The Floracrats: State-Sponsored Science and the Failure of the Enlightenment in Indonesia

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Univ of Wisconsin Press, Feb 1, 2011 - History - 256 pages
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Situated along the line that divides the rich ecologies of Asia and Australia, the Indonesian archipelago is a hotbed for scientific exploration, and scientists from around the world have made key discoveries there. But why do the names of Indonesia’s own scientists rarely appear in the annals of scientific history? In The Floracrats Andrew Goss examines the professional lives of Indonesian naturalists and biologists, to show what happens to science when a powerful state becomes its greatest, and indeed only, patron.
†† †With only one purse to pay for research, Indonesia’s scientists followed a state agenda focused mainly on exploiting the country’s most valuable natural resources—above all its major export crops: quinine, sugar, coffee, tea, rubber, and indigo. The result was a class of botanic bureaucrats that Goss dubs the “floracrats.” Drawing on archives and oral histories, he shows how these scientists strove for the Enlightenment ideal of objective, universal, and useful knowledge, even as they betrayed that ideal by failing to share scientific knowledge with the general public. With each chapter, Goss details the phases of power and the personalities in Indonesia that have struggled with this dilemma, from the early colonial era, through independence, to the modern Indonesian state. Goss shows just how limiting dependence on an all-powerful state can be for a scientific community, no matter how idealistic its individual scientists may be.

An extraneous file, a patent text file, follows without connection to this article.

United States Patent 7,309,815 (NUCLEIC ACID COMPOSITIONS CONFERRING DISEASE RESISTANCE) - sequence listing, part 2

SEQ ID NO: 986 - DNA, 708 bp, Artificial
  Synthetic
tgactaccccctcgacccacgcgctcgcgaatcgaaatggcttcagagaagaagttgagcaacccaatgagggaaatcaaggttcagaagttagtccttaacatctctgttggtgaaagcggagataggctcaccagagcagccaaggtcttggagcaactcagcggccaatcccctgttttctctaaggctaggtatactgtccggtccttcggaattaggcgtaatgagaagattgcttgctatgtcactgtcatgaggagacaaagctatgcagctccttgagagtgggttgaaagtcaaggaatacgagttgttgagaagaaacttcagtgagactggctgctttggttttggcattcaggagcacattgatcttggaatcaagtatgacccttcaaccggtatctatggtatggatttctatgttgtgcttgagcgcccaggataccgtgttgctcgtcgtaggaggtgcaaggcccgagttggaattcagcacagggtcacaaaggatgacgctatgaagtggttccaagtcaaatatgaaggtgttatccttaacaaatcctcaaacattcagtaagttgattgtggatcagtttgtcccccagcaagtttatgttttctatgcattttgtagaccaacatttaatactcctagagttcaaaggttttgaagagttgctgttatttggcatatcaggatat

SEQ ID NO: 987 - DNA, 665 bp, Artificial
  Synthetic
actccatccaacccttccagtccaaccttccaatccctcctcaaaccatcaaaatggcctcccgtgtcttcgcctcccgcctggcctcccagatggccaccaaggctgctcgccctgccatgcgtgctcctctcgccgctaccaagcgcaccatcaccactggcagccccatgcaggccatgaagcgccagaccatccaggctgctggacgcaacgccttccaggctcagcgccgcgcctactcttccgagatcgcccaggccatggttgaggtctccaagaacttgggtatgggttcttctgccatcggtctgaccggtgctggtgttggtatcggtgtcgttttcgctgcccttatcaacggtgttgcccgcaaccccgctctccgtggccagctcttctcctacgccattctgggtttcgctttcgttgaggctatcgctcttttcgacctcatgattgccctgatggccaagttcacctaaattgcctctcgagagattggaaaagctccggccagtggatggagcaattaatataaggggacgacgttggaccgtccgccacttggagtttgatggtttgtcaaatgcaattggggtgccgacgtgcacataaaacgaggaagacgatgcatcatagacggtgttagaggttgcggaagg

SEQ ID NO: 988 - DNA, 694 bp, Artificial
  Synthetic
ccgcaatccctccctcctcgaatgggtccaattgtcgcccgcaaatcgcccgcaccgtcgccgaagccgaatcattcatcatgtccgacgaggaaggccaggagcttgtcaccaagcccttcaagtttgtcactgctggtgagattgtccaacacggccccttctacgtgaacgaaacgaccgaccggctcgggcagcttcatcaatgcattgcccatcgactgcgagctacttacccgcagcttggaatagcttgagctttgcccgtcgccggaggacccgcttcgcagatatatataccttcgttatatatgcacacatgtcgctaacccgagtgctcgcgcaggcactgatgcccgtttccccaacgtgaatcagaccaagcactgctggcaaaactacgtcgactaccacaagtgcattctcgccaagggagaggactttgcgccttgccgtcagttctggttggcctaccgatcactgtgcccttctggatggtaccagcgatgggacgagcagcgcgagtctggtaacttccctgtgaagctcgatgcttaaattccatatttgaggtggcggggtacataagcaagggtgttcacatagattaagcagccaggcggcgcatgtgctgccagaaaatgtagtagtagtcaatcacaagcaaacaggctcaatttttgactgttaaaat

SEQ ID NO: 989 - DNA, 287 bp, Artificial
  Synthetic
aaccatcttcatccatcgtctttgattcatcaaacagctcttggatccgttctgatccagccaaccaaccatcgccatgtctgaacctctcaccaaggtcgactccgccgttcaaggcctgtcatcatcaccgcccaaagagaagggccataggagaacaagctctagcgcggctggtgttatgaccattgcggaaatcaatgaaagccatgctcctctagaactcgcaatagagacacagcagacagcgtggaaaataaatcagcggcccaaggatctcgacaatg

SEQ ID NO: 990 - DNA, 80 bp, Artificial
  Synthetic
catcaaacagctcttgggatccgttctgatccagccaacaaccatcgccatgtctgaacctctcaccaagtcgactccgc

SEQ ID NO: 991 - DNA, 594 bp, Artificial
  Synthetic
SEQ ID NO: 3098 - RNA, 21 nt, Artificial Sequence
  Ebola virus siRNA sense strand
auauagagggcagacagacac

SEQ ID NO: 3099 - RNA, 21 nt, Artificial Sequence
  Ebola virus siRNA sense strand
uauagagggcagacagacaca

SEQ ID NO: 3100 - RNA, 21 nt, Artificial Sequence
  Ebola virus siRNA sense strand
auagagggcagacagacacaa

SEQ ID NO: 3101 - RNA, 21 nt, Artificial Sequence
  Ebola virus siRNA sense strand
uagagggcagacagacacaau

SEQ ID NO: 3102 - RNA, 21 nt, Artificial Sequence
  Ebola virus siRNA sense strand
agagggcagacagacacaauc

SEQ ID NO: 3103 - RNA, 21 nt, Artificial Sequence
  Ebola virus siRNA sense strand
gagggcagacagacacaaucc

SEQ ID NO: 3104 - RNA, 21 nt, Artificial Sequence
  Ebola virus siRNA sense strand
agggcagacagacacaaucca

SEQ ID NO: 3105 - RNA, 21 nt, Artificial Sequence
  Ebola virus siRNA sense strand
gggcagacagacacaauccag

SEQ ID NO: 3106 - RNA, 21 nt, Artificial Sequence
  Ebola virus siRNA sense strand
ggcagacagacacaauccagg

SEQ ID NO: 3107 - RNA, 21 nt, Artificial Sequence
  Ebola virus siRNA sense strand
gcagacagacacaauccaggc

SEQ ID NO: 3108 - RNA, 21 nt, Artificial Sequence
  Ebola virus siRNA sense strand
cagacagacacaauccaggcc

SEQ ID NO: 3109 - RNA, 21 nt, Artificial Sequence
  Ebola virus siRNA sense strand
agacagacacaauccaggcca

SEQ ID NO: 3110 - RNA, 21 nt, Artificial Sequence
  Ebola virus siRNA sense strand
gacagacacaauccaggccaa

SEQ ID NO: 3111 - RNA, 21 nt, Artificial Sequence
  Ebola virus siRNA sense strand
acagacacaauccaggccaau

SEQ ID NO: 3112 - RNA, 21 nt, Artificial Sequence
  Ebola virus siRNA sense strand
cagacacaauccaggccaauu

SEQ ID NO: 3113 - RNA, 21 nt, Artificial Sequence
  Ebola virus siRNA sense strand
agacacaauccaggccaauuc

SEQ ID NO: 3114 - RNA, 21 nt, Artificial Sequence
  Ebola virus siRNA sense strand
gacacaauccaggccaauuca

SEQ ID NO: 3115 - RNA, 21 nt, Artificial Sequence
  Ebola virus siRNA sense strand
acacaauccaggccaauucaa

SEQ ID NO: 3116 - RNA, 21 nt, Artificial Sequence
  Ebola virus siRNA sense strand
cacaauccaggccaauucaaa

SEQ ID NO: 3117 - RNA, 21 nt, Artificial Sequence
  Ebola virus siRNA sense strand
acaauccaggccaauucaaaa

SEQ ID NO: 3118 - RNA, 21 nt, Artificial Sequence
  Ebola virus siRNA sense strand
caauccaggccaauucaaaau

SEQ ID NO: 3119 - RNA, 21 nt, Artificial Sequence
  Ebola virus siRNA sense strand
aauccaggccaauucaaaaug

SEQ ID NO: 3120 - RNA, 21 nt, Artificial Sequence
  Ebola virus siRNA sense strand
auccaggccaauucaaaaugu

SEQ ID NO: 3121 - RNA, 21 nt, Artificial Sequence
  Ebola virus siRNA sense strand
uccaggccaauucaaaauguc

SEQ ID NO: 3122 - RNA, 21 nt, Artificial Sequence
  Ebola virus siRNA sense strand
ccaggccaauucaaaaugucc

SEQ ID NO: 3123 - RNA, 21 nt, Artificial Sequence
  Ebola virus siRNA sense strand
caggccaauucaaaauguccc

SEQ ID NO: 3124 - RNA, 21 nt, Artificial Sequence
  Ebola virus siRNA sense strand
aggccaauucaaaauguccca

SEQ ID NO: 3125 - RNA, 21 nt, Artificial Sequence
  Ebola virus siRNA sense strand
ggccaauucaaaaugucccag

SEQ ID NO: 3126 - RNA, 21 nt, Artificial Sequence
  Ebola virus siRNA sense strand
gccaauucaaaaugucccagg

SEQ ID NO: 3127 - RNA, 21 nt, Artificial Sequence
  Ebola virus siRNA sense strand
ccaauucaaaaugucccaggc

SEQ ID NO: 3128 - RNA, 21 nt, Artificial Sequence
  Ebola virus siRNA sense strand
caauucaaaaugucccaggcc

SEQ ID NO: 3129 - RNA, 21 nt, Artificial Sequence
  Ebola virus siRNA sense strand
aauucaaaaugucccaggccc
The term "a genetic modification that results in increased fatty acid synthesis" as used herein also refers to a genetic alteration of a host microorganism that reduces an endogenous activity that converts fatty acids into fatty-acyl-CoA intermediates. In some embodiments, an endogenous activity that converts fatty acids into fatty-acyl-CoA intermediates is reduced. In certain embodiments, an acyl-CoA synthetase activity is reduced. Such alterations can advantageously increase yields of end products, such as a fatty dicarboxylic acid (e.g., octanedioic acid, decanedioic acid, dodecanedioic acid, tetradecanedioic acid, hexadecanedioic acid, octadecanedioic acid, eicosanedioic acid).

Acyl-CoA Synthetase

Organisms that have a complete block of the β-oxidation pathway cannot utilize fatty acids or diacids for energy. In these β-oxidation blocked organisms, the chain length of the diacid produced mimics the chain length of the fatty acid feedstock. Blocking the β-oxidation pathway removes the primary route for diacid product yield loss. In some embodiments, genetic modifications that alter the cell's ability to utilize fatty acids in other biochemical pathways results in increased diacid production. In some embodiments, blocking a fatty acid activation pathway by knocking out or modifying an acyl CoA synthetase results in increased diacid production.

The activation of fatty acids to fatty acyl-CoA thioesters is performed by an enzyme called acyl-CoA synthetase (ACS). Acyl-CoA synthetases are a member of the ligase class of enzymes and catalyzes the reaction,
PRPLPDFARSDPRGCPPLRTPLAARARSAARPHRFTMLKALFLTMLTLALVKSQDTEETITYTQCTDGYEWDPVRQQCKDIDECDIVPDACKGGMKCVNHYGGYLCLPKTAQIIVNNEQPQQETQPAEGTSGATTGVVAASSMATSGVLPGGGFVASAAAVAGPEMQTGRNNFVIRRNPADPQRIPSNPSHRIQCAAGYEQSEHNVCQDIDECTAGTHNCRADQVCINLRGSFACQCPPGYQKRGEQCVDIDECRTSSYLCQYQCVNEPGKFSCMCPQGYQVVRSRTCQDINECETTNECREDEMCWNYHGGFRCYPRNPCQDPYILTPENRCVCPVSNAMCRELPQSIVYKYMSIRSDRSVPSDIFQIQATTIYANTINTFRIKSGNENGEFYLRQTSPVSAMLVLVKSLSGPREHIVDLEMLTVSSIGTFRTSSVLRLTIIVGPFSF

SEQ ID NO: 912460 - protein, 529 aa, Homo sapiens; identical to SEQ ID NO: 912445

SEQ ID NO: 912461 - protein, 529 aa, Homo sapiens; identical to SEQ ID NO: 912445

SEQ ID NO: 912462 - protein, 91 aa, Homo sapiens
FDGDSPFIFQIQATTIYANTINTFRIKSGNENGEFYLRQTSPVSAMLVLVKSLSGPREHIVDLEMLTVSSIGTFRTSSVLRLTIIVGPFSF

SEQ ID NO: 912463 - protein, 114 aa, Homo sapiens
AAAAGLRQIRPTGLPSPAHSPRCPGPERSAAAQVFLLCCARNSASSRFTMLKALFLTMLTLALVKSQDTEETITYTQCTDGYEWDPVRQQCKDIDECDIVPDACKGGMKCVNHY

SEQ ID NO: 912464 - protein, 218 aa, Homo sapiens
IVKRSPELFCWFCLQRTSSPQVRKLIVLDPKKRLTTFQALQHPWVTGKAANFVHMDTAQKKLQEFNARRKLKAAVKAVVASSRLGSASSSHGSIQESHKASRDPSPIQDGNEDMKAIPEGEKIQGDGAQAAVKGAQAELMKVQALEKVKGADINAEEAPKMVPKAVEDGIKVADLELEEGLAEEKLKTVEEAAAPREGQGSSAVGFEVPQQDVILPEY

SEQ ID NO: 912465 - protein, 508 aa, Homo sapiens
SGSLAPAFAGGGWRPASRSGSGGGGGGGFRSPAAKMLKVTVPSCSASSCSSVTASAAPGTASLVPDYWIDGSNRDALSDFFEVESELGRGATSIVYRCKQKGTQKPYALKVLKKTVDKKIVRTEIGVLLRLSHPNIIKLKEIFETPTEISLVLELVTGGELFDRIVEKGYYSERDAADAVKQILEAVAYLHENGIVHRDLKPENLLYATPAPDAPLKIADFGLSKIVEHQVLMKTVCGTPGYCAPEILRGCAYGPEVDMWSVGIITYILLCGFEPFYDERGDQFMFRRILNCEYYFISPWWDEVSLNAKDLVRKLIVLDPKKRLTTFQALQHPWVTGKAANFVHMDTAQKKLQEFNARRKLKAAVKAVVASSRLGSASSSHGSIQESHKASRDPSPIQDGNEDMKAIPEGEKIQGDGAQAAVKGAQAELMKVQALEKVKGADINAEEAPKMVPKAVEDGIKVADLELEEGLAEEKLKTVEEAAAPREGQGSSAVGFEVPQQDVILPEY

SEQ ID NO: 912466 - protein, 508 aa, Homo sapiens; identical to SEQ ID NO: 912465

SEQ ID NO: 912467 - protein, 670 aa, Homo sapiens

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Contents

Introduction
3
1 Apostles of Enlightenment
13
2 Quinine Science
33
3 Treubs Beautiful Science
59
4 Ethical Professionals
77
5 The Nationalists Enlightenment
96
6 Technocratic Dreams
117
7 Desk Science
141
Conclusion
170
Notes
179
Bibliography
225
Index
249
Copyright

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About the author (2011)

Andrew Goss is assistant professor of history at the University of New Orleans.

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